EU calls for global efforts against piracy

11:58, October 02, 2010      

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The European Union on Friday called for international efforts to fight rampant piracy along the East Africa coast.

Head of the EU delegation in Kenya Eric van der Linden said while the European and other naval forces continue to deter and interrupt piracy at the high seas, countries in the region should also take their responsibility to secure the East African coast.

"Prosecution and detention of suspects is one way to contribute and it is a very important part in the strategy to ensure that pirating ships and taking hostage of innocent seamen does not go unpunished," Linden said in Nairobi. Last week, the European naval forces rescued 9 Kenyan fishermen from coastal town of Malindi who had been taken hostage on board the MS Sherry.

Dozens of pirates have been sentenced while others have been captured and handed over to Kenyan authorities, a development the EU envoy said is good example of the cooperation between EU and Kenya.

"International partners would like to thank the Kenyan government for the good cooperation we had so far in the fight against piracy," Linde said.

The Gulf of Aden, off the coast of Somalia, is the site of a dramatic uptick in pirate attacks over the last couple of years.

Ships in the Indian Ocean must traverse the Gulf of Aden to reach the Suez Canal or steam around the Cape of Good Hope, a longer and much costlier trip around the southern tip of Africa.

Linden said without international protection of the international maritime transport routes, ports like Mombasa of Kenya or Tanzania's Dar el Salaam would be even further affected by piracy. "With the end of the monsoon season there is a high increase in attacks, also close to the Kenyan coast," he warned. The EU diplomat said the Kenyan government has always assured the EU of its commitment to cooperating with the international community in the fight against piracy.

"We look forward to continued cooperation and reiterate our willingness to engage in consultations to overcome the difficulties Kenya might face in the prosecution of piracy suspects," he said.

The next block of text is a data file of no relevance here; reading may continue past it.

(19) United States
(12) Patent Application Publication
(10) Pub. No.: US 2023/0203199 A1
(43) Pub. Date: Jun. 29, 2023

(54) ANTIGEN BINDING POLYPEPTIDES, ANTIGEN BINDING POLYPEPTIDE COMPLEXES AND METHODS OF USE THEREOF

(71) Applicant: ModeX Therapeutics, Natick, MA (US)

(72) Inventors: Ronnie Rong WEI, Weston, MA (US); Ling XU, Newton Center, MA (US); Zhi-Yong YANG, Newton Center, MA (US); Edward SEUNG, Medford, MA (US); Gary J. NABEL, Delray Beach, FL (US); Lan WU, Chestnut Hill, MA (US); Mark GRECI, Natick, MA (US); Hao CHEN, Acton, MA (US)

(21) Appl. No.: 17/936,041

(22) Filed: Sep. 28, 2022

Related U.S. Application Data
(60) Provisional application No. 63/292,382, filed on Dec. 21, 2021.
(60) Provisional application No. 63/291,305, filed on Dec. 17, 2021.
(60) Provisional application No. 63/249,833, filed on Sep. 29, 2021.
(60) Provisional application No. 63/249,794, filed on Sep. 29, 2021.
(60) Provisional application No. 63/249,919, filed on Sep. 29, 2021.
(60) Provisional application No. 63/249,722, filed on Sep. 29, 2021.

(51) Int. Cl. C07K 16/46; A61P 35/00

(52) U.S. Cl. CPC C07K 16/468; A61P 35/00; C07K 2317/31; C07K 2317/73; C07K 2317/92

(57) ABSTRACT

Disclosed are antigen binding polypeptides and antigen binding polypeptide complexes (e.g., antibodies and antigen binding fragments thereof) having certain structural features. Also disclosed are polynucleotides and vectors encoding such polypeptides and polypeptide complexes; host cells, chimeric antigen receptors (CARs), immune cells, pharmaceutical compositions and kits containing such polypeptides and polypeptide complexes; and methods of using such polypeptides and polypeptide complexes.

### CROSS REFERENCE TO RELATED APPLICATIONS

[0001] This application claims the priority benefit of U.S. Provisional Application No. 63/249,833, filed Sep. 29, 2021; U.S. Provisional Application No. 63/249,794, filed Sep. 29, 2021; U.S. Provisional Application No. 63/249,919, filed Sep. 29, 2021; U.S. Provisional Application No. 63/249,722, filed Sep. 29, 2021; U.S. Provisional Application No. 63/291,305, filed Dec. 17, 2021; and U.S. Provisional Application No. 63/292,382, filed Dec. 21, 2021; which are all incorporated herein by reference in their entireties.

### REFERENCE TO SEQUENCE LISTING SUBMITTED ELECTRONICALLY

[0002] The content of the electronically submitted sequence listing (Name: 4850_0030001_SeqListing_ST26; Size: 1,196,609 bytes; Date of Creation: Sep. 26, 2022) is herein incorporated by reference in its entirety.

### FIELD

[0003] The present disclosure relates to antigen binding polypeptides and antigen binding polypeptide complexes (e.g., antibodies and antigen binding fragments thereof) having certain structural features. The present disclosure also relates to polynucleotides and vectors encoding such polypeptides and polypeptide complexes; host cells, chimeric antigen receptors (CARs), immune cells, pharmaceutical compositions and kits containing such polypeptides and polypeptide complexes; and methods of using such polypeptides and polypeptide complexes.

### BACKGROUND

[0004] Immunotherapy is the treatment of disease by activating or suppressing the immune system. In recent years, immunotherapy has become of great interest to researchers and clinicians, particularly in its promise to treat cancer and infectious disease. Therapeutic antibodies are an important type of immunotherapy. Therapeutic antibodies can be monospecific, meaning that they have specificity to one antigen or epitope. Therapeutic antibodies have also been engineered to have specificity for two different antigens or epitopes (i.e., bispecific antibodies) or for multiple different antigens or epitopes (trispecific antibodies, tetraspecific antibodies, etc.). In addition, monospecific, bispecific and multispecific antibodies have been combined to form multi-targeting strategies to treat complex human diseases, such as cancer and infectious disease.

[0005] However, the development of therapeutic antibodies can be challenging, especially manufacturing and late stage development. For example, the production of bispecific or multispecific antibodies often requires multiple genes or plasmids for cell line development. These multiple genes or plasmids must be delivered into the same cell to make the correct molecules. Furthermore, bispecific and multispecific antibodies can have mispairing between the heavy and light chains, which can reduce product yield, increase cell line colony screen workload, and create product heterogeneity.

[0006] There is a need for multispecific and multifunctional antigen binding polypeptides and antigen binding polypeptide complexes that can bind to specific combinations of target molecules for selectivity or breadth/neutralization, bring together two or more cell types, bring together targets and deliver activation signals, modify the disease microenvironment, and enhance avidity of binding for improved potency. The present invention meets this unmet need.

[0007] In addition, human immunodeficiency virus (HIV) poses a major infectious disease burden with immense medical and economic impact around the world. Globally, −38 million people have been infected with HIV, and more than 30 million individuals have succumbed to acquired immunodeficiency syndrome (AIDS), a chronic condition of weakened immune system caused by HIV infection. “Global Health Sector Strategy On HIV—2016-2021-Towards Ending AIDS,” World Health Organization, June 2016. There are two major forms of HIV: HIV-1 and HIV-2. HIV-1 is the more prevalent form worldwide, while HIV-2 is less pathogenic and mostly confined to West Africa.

Piracy is a threat to the East African region and to international transport. The crime damages Kenyan economic interests and the position of the port of Mombasa.

The Kenyan Shipping Council estimates that piracy has increased the monthly cost for imports by 23.8 million U.S. dollars and for exports by 9.8 million dollars.

Cruise ships are avoiding Mombasa as a consequence of piracy, with significant financial damage to the coast economy and tourism.

Rising insurance costs make the East African waters a more expensive transport route. Some shipping companies avoid it altogether and use the longer way via the Cape to get to European and Mediterranean countries.

"Kenyan leadership is particularly important at a time when other countries in the region, following the Kenyan example, are joining the international efforts to combat piracy," Linden said. Aside from the economics, the EU says there is a direct security interest for Kenya as the East African nation citizens themselves are being attacked.

The Kenyan flagged ship FV Sakoba was hijacked with 10 Kenyan citizens on board. The ship was also used as a mother ship for subsequent attacks, further putting in danger the life of those taken hostage. According to EU, piracy also destabilizes Somalia's development of the rule of law. The East African biggest economy needs a stable Somalia and therefore has an interest in joining international efforts to counter piracy. "Although long term solutions need to be found to address the root causes of piracy on land, in the short term the problems needs to be tackled by detention and prosecution of the suspects," the EU says. "Left untouched, piracy networks might gain influence and further undermine the State, also on Kenyan ground. There are no indications that piracy suspects are in any way linked to terrorism or Al Shabaab," the bloc says.

"On the contrary, they are equally despised by Somali extremists, as piracy is considered un-Islamic. The captured pirates in Kenyan prisons are merely 'foot soldiers' of criminal gangs."

Security experts say the return of frequent attacks is due in part to the waning monsoon season, which had curtailed pirate activity earlier in the year. The experts also say the presence of about 15 naval war ships devoted at least in part to combating piracy in the Gulf of Aden has pushed the pirates to operate farther south in the Indian Ocean.

Source: Xinhua

(Editor:王寒露)

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